Rice wine highlights ‘Ipitik Festival’ in Baguio

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BAGUIO CITY – Local rice wine or “tapuey“, including the search of a connoisseur or wine expert, will highlight the third staging of the “Ipitik” Festival during the culmination of the 25th Panagbenga or Baguio Flower Festival late March at the Rose Garden of the Burnham Park here.

The week-long festivity which comes nine years after the last one at the same venue will highlight at least 10 events in what is now considered as one of the arts havens, a creative city for folk arts and crafts, the Rose Garden.

Artist organizer Ferdie Balanag in staging this year’s Ipitik said: “We believe access to art and culture should go beyond those already active in the arts and cultural community.”

He added that the festivity “intend(s) to produce a cultural and arts festival that will inspire community involvement that is total and not exclusive.”

Kawayan de Guia, son of National Artist for Film “Kidlat Tahimik” and also an installation artist and co-organizer of the event added: “The artists, as vehicles for the perpetuation of culture, will come to collaborate in all the forms of art such as visual, dance, film, theater, music, literature, installation… to name a few. Both young and old will participate in this event, in the spirit of passing down traditional knowledge and cultural values to the young.”

Ipitik, which starts a drink in the Cordillera when one opens a bottle and offers a prayer to the gods, is tentatively scheduled on March 28 until April 5, said Balanag.

The dates coincide with the busiest week of the Panagbenga, which was staged a month late because of the 2019 coronavirus disease (Covid-19) scare that prompted local officials to have the dates moved to avoid crowds.

The highlight will be the local wine-tasting where the best-brewed tapuey will be adjudged.

Balanag said the master tapuey brewer search is the “carrier activity of the Ipitik Festival, rice wine brewers from the different provinces of the Cordilleras join together to give our valued judges a taste of the different brews of tapuey, choosing the winner among the entries.”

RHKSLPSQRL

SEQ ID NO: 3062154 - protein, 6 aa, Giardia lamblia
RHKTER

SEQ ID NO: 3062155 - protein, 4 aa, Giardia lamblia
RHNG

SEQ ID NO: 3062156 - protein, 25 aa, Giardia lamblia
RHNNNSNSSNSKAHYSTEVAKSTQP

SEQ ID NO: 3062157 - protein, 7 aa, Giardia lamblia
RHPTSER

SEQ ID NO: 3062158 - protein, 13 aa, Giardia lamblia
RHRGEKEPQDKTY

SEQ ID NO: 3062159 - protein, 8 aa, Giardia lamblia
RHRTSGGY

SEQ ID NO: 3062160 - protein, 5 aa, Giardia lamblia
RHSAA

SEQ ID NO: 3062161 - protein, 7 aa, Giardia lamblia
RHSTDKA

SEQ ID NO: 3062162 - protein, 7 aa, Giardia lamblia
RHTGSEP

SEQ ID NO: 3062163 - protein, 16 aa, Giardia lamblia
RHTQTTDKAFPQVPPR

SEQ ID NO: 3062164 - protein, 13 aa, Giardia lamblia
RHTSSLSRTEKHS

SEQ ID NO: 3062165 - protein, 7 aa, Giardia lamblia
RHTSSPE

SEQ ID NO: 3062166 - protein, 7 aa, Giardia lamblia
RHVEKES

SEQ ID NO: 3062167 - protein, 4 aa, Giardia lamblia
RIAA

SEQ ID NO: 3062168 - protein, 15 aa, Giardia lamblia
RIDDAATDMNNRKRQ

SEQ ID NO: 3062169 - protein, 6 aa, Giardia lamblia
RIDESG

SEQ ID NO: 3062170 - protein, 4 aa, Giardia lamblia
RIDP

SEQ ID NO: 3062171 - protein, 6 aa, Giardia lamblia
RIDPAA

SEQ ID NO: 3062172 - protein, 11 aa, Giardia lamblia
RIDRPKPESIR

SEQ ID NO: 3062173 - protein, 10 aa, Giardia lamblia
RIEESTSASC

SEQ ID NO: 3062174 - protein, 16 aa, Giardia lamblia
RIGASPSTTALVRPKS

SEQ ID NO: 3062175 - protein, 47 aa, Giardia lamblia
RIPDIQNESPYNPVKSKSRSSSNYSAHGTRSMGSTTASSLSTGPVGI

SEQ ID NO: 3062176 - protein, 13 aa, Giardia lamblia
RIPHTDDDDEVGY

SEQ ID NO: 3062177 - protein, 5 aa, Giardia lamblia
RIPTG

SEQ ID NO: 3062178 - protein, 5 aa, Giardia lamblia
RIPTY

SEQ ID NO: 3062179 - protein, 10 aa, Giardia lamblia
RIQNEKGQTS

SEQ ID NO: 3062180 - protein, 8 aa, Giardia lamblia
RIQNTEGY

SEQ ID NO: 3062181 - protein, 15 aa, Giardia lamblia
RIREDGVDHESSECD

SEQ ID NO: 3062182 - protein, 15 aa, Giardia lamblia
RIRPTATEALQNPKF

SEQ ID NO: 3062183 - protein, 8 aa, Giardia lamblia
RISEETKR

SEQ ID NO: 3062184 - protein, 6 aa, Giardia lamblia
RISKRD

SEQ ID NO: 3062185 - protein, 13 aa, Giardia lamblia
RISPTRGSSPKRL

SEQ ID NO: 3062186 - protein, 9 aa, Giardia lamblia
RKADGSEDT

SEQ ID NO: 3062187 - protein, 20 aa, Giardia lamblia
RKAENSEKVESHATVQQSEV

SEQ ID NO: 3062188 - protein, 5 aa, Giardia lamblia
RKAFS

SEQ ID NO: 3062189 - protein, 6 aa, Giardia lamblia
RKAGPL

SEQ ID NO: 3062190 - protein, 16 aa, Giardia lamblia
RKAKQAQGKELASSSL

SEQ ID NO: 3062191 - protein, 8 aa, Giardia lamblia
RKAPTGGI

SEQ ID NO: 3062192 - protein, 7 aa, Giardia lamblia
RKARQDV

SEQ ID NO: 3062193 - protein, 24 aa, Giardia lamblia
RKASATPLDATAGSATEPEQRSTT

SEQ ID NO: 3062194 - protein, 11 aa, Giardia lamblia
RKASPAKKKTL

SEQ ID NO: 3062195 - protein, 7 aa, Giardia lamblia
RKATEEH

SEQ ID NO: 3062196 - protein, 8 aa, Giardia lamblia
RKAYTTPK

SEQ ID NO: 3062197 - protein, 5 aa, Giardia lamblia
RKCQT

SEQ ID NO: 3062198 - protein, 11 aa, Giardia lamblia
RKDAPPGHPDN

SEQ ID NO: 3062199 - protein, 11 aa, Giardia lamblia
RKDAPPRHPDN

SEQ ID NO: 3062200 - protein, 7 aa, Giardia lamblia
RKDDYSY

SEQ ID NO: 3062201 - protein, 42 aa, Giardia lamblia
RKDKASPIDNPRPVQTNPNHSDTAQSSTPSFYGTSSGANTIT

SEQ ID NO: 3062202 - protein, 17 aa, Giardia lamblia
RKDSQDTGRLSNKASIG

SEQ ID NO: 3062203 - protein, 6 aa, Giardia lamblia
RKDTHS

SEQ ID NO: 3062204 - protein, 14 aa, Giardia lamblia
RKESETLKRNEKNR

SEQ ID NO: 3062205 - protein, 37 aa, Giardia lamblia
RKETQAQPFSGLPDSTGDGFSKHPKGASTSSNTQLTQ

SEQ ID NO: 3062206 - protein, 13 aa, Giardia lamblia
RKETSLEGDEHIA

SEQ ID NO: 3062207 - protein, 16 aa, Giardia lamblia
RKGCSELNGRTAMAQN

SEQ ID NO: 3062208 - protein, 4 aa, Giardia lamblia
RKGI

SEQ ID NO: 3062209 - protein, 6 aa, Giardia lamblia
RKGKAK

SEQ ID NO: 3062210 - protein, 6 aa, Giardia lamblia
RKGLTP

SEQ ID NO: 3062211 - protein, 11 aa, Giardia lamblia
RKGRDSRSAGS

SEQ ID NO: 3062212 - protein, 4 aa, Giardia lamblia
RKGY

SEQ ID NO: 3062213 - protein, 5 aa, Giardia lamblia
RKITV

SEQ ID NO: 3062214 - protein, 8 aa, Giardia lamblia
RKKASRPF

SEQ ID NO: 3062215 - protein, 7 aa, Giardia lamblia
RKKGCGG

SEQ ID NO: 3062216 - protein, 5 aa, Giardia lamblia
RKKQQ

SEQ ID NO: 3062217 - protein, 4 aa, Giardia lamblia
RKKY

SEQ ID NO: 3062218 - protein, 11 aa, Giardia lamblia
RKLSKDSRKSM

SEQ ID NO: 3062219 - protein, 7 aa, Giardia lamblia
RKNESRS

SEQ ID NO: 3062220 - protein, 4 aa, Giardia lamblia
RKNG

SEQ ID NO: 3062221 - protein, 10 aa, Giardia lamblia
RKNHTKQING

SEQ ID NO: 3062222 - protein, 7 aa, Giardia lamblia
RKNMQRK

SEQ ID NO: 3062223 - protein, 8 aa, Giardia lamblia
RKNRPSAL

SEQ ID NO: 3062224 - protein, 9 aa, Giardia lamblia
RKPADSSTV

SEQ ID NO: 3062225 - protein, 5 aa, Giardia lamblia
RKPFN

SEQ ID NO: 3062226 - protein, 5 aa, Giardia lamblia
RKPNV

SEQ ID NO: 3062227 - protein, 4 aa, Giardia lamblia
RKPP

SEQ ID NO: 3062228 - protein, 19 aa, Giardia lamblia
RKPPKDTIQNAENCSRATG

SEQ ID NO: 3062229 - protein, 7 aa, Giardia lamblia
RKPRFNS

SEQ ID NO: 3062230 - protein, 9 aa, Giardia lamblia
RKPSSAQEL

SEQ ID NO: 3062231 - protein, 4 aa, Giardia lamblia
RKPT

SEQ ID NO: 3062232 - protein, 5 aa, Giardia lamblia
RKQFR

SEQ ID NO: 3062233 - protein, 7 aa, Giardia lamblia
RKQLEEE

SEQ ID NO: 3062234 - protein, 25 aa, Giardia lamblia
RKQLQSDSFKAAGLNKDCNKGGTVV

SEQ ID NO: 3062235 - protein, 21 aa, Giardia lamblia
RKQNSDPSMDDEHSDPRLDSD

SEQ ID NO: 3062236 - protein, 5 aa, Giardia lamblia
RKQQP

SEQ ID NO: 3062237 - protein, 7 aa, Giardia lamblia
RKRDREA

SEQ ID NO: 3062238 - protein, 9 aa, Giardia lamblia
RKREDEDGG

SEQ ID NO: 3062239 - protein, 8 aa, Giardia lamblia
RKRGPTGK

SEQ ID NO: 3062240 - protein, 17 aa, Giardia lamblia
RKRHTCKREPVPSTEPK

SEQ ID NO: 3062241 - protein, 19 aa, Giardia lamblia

He added the best “brewer shall be given the city’s stamp of quality and his brew will be provided with assistance for business mentorship and production, bottling, branding, marketing and sustaining.”

Isikias Picpican, an anthropologist and local historian, said: “the Ipitik Festival recognizes the winemaking skills of the Cordilleran. Each village in the Cordillera has an ingenious way of preparing the tapuey. This event is not only a tribute to the wine-makers but to all the people of the Cordilleras.”

The festivity will also have the third pinikpikan contest where thousands of people will be fed with the traditional boiled chicken.

Pinikpikan is the Cordillera’s answer to tinola but the chicken is burnt before it is boiled.

Balanag said more than 2,500 persons partook of the cooked pinikpikan during the last staging in 2011.

Other events include the seventh woodcarving competition, the 108 Gongs, drum circle, and Cordillera Theater, the arts and crafts shack design, the Cordillera arts and crafts fair, the Baguio Pine Film Festival and the Highland Food Village.

The woodcarving competition will feature local woodcarvers who will carve from a log featuring the Cordillera festivals.

It was first staged in 2005 during the first Ipitik and the Baguio Arts Guild then made a “dap-ay”, a gathering place made of stones with a bonfire place in the middle, at the southwestern portion of the Melvin Jones.

The 108 gongs will feature elementary and high school students dancing the different Cordillera cultural dances accompanied by the gongs.

The students will first undergo a six-week workshop in cultural dances, the gongs, and other native instruments.

The drum circle and Cordillera theatre is a nocturnal event where drummers and percussionists will be playing around a big bonfire, in between breaks, performances depicting Cordillera myths and legends will be presented.

The Cordillera arts and crafts fair will showcase the unique crafts, ware, food, costumes, textile, and products from the different provinces of the region.

The film fest is an event in coordination with the National Commission for Culture and the Arts’ (NCCA) Cinema Rehiyon and the Film Development Council of the Philippines, and supported by the Goethe Institut and Alliance Francais.

There will be film screenings as well as masterclasses and workshops at the Rose Garden.

The Highland food fest is a display of local cuisines which is actually a reincarnation of last year’s Mangan Tako festival (let’s eat), a week-long display and sale of Cordillera cuisine also at the Rose garden.

“We are working with the Department of Tourism – Cordillera and had this event incorporated in it,” Balanag said.

There is also the Tukar (music playing), the Panagbenga Music Jam or the music for blossoming which will accompany the Baguio Blooms that is held weekly at the Baguio Convention Center.

To jazz up the event, the International Jazz Festival will be staged at the Rose Garden featuring international and national jazz artists that will culminate the festivity.

“We are staging this to support local arts and crafts, although we had it postponed due to the declaration that events will be staged on later dates due to the Covid scare,” said Gladys de Vera, acting chairman of the Baguio Tourism Council which co-presents this staging of the Ipitik festival. (PNA)